Thermoplastics, on the other hand, are plastics that can be melted and reshaped multiple times by heating and cooling. Thermoplastics have lower molecular weight and flexibility, which make them easier to process and recycle. Thermoplastics have lower heat and chemical resistance than thermosets, but they can be blended with additives or fillers to improve their properties.
What are the advantages and disadvantages of thermoset molding?
Thermoset molding has several advantages over thermoplastic molding, such as:
- Higher heat and chemical resistance: Thermoset materials can withstand higher temperatures and harsher environments than thermoplastics, making them ideal for applications that require thermal stability and corrosion resistance.
- Higher dimensional stability: Thermoset materials have lower thermal expansion and shrinkage than thermoplastics, which means they retain their shape and size better under varying conditions.
- Higher mechanical properties: Thermoset materials have higher strength, stiffness, hardness, and impact resistance than thermoplastics, which means they can withstand higher loads and stresses.
- Lower cost: Thermoset materials are generally cheaper than thermoplastics, especially for high-volume production.
However, thermoset molding also has some disadvantages, such as:
- Irreversibility: Thermoset materials cannot be remelted or recycled once they are cured, which means they generate more waste and pose environmental challenges.
- Limited design flexibility: Thermoset materials have limited moldability and formability compared to thermoplastics, which means they are more difficult to shape into complex or intricate geometries.
- Longer cycle time: Thermoset materials require longer curing time than thermoplastics, which means they have lower production efficiency and higher energy consumption.
What are the main types of thermoset molding processes and how do they work?
There are several types of thermoset molding processes, each with its own characteristics and applications. Some of the most common ones are:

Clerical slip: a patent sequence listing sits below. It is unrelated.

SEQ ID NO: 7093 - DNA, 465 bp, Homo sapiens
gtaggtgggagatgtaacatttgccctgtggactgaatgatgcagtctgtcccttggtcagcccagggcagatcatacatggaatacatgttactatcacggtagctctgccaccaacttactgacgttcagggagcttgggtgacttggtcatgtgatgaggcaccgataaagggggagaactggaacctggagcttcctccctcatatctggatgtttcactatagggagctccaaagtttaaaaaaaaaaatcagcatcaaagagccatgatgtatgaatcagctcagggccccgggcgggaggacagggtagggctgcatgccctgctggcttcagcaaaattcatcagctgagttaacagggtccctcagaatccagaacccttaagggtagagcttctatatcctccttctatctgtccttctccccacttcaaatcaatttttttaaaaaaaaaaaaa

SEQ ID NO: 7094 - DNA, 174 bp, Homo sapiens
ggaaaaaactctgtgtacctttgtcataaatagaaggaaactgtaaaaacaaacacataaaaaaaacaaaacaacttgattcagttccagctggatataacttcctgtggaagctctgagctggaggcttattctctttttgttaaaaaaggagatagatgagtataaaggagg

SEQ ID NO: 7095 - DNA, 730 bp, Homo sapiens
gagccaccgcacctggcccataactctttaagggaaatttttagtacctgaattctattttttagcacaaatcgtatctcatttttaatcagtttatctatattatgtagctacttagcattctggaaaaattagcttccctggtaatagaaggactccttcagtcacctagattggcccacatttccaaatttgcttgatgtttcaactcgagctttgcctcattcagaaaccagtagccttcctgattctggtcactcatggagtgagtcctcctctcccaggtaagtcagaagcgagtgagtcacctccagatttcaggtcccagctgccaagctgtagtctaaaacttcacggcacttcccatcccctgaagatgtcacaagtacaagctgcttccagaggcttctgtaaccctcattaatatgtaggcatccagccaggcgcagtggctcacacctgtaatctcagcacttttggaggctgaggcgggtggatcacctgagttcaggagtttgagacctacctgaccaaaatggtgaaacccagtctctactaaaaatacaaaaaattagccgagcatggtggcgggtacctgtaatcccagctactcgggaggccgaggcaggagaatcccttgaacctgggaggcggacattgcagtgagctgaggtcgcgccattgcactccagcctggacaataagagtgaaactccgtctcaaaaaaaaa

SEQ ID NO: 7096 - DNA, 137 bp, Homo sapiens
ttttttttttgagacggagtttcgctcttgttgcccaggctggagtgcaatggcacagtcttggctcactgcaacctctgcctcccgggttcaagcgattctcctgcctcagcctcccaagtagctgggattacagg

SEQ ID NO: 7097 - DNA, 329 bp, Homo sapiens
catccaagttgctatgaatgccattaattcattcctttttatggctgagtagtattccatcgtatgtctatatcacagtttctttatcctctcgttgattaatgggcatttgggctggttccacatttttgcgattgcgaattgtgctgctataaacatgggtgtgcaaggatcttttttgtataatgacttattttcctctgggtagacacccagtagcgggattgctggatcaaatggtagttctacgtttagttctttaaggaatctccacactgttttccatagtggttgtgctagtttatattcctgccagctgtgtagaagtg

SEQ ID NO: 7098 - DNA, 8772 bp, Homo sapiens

- Compression molding: This is a process where a preheated thermoset material is placed in a mold cavity and compressed by a heated press until it fills the cavity and cures. Compression molding is suitable for producing large or thick parts with simple shapes, such as electrical insulators, gaskets, or brake pads.
- Injection molding: This is a process where a thermoset material is heated to a liquid state and injected into a mold cavity under high pressure. The material then cools and cures in the mold. Injection molding is suitable for producing small or thin parts with complex shapes, such as knobs, handles, or housings.
- Filament winding: This is a process where continuous fibers are impregnated with a thermoset resin and wound around a rotating mandrel until the desired thickness is achieved. The wound part then cures in an oven or under UV radiation. Filament winding is suitable for producing cylindrical or spherical parts with high strength-to-weight ratio, such as pipes, tanks, or rocket casings.
- Pultrusion: This is a process where continuous fibers are pulled through a resin bath and then through a heated die that shapes and cures the material. The cured part then exits the die as a continuous profile. Pultrusion is suitable for producing long or narrow parts with constant cross-sections, such as rods, beams, or channels.
- Wet lay-up: This is a process where layers of fiber mats or fabrics are impregnated with a thermoset resin and placed over a mold or a core. The layered part then cures under pressure or vacuum. Wet lay-up is suitable for producing large or curved parts with varying thicknesses, such as boat hulls, wind turbine blades, or aircraft wings.
What are some examples of products made by thermoset molding?
Thermoset molding is widely used in various industries and applications, such as:
- Automotive: Thermoset materials are used to make parts that require high heat and chemical resistance, such as engine components, brake systems, fuel tanks, or bumpers.
- Aerospace: Thermoset materials are used to make parts that require high strength and stiffness, such as structural components, landing gears, propellers, or rocket nozzles.
- Electrical: Thermoset materials are used to make parts that require high electrical insulation and fire resistance, such as circuit boards, switches, connectors, or transformers.
- Medical: Thermoset materials are used to make parts that require high biocompatibility and sterilization, such as dental tools, implants, prosthetics, or catheters.
- Construction: Thermoset materials are used to make parts that require high durability and weather resistance, such as roofing tiles, pipes, doors, or windows.